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Pilón Lajas Biosphere Reserve, Bolivia

Pilón - Lajas Biosphere Reserve is located on the far eastern spur of the Andes. It comprises mixed mountain and highland systems, low hills and Amazonian plains, covered with tropical humid forests, sub-tropical and tropical forest, forests in ancient alluvial terraces, and mountain and valley forests.

Designation date: 1977


Regional network:  Red de Comités y Reservas de Biosfera de Iberoamérica y el Caribe (IberoMAB) 

Ecosystem-based network:



    Surface : 400,000 ha

    • Core area(s): 143,382.89 ha 
    • Buffer zone(s): 179,966.32
    • Transition zone(s): 62,501.38 ha

    Location: 15°00'S to 67°20'W

    Administrative Authorities

    Félix Gonzales Bernal
    Servicio Nacional de Áreas Protegidas (SERNAP)
    Calle Francisco Bedregal N° 2904 final Av. Víctor Sanjinés
    Sopocachi - La Paz 

    Tel.: (591) 2426272

    Email: N/A

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    Ecological Characteristics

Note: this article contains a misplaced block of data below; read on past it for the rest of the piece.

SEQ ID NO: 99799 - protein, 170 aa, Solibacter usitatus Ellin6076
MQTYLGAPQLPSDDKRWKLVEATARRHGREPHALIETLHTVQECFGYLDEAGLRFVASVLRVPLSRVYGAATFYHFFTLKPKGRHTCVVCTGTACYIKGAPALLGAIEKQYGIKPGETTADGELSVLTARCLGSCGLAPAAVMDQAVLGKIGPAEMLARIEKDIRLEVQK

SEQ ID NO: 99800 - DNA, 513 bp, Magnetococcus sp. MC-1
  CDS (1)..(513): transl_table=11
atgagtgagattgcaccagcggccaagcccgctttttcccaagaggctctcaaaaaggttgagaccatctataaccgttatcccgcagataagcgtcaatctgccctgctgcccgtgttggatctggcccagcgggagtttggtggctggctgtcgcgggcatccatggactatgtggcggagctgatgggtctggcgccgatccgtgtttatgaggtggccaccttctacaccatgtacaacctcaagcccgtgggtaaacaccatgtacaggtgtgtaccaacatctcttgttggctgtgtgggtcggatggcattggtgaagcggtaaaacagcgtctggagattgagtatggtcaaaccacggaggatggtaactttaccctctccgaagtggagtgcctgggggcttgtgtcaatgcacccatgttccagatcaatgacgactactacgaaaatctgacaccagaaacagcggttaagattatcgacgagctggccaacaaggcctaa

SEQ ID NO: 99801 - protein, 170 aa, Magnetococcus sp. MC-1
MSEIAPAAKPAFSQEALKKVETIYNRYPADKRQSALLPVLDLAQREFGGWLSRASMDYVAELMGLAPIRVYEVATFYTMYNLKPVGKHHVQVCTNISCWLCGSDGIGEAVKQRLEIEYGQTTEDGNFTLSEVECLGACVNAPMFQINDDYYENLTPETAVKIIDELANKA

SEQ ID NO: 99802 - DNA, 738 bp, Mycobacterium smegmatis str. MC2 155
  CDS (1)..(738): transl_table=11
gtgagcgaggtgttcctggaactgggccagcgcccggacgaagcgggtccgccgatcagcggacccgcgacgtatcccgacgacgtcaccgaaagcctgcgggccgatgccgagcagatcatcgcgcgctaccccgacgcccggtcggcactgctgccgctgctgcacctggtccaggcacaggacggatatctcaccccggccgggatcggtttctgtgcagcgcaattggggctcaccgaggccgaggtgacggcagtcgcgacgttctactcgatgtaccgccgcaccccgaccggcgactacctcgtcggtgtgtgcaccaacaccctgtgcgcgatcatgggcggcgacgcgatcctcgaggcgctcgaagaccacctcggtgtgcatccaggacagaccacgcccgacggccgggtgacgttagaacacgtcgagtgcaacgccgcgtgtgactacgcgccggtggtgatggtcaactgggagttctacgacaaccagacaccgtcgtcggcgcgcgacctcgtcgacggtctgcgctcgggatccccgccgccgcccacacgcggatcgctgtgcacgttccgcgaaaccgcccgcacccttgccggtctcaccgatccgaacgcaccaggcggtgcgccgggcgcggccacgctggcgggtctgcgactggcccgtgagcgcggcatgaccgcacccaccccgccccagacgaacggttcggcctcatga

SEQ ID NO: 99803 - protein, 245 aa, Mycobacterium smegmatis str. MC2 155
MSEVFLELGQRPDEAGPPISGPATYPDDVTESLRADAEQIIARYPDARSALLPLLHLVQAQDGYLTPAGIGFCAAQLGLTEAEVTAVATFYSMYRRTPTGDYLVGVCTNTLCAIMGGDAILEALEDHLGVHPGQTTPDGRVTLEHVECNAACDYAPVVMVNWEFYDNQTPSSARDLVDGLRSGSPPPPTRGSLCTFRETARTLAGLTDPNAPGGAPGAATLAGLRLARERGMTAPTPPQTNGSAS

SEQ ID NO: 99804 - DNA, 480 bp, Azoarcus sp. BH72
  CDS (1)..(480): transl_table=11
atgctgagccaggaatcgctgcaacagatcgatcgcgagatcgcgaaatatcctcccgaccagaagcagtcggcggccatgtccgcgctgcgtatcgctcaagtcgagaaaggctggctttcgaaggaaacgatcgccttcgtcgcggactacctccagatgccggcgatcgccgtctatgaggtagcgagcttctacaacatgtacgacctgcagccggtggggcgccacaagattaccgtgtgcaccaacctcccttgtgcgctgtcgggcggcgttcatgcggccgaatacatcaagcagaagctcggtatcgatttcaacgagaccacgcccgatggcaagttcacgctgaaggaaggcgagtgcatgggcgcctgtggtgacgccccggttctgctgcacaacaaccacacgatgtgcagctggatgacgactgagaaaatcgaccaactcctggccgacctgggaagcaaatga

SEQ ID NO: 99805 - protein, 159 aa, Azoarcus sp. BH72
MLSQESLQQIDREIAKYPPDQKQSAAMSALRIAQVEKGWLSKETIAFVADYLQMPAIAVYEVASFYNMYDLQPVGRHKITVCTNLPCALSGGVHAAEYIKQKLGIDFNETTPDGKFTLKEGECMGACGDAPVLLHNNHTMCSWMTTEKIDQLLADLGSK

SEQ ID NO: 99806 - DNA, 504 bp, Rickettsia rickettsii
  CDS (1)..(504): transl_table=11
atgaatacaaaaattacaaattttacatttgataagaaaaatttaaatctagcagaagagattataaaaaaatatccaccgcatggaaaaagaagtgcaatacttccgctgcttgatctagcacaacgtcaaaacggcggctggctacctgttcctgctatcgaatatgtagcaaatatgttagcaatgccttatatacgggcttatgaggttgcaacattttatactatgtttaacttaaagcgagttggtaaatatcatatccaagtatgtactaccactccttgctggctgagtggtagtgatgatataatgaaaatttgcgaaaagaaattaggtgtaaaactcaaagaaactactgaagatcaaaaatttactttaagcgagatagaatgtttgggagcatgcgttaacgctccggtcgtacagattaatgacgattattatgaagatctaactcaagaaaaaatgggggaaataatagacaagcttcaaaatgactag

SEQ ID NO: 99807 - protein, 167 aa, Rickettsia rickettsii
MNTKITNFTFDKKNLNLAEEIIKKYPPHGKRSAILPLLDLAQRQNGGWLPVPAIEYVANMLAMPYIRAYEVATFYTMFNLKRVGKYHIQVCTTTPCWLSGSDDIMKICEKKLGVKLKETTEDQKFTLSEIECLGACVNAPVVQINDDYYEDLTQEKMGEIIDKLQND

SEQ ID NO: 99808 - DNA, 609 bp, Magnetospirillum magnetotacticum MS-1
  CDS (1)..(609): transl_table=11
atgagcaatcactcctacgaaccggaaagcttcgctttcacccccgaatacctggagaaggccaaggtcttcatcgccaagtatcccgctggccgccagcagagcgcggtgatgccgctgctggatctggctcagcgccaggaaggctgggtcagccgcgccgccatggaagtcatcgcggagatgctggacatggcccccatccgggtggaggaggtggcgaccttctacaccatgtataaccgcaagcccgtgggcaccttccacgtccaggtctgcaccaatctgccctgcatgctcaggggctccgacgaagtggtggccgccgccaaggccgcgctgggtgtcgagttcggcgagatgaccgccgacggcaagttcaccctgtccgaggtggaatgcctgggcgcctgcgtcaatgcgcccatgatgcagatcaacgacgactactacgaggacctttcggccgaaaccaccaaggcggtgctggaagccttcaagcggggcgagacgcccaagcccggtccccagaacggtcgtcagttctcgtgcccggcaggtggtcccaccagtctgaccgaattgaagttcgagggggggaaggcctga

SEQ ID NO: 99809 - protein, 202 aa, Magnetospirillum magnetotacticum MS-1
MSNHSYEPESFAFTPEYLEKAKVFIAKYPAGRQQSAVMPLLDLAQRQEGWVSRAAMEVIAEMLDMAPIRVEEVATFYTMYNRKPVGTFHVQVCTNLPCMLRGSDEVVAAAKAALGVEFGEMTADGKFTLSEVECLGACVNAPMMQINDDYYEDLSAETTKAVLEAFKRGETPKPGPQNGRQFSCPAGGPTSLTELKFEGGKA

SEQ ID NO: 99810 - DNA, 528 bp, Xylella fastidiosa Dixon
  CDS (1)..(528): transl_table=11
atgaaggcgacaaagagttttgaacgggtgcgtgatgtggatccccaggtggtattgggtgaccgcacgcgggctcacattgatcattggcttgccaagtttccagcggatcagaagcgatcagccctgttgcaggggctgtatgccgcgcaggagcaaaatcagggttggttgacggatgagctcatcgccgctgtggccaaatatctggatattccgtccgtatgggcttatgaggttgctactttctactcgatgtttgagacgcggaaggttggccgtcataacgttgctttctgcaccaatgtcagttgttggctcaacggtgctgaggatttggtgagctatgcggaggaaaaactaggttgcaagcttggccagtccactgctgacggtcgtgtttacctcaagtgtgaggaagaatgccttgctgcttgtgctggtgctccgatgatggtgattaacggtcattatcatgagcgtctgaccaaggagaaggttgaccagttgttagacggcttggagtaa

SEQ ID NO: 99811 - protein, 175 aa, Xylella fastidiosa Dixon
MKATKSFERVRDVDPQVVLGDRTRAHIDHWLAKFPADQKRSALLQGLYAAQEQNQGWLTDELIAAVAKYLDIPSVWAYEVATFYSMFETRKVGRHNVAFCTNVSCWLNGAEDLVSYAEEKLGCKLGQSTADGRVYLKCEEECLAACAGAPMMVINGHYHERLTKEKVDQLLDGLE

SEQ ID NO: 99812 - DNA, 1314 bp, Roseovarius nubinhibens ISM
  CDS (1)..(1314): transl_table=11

The variety of ecosystems, geomorphology and types of vegetation make Pilon Lajas home to a variety of species. Some 70 mammal species have been reported including tapir (Tapirus terrestris), ring-tailed coati (Nasua nasua), spectacled bear (Tremarctos ornatus), and jaguar (Panthera onca), and 338 species of birds (from the genus Ara, Aratinga, Pyrrhura, Brotegris). 

    Recent studies have reported a great floristic diversity in the region. 




    Socio-Economic Characteristics

    Over 160,000 inhabitants live in the Pilón-Lajas region of which 12,000 are Mosetenes, Tacanas and Chimane indigenous people groups who live in settlements inside the Biosphere Reserve, near the rivers and in colonization areas. Mixed populations work in agriculture (rice monoculture), mining, cattle grazing and timber and mostly live in urban centres. Forest timber and unproductive agricultural systems give poor returns and the land is often turned into pasture, a process which threatens sustainable cultures and practices of the indigenous people. The main management goals are to guarantee territorial rights to indigenous people (Chimane and Mosetén) and promote their participation in the decision making processes in order to implement sustainable practices of natural resources.


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    Last updated: March 2019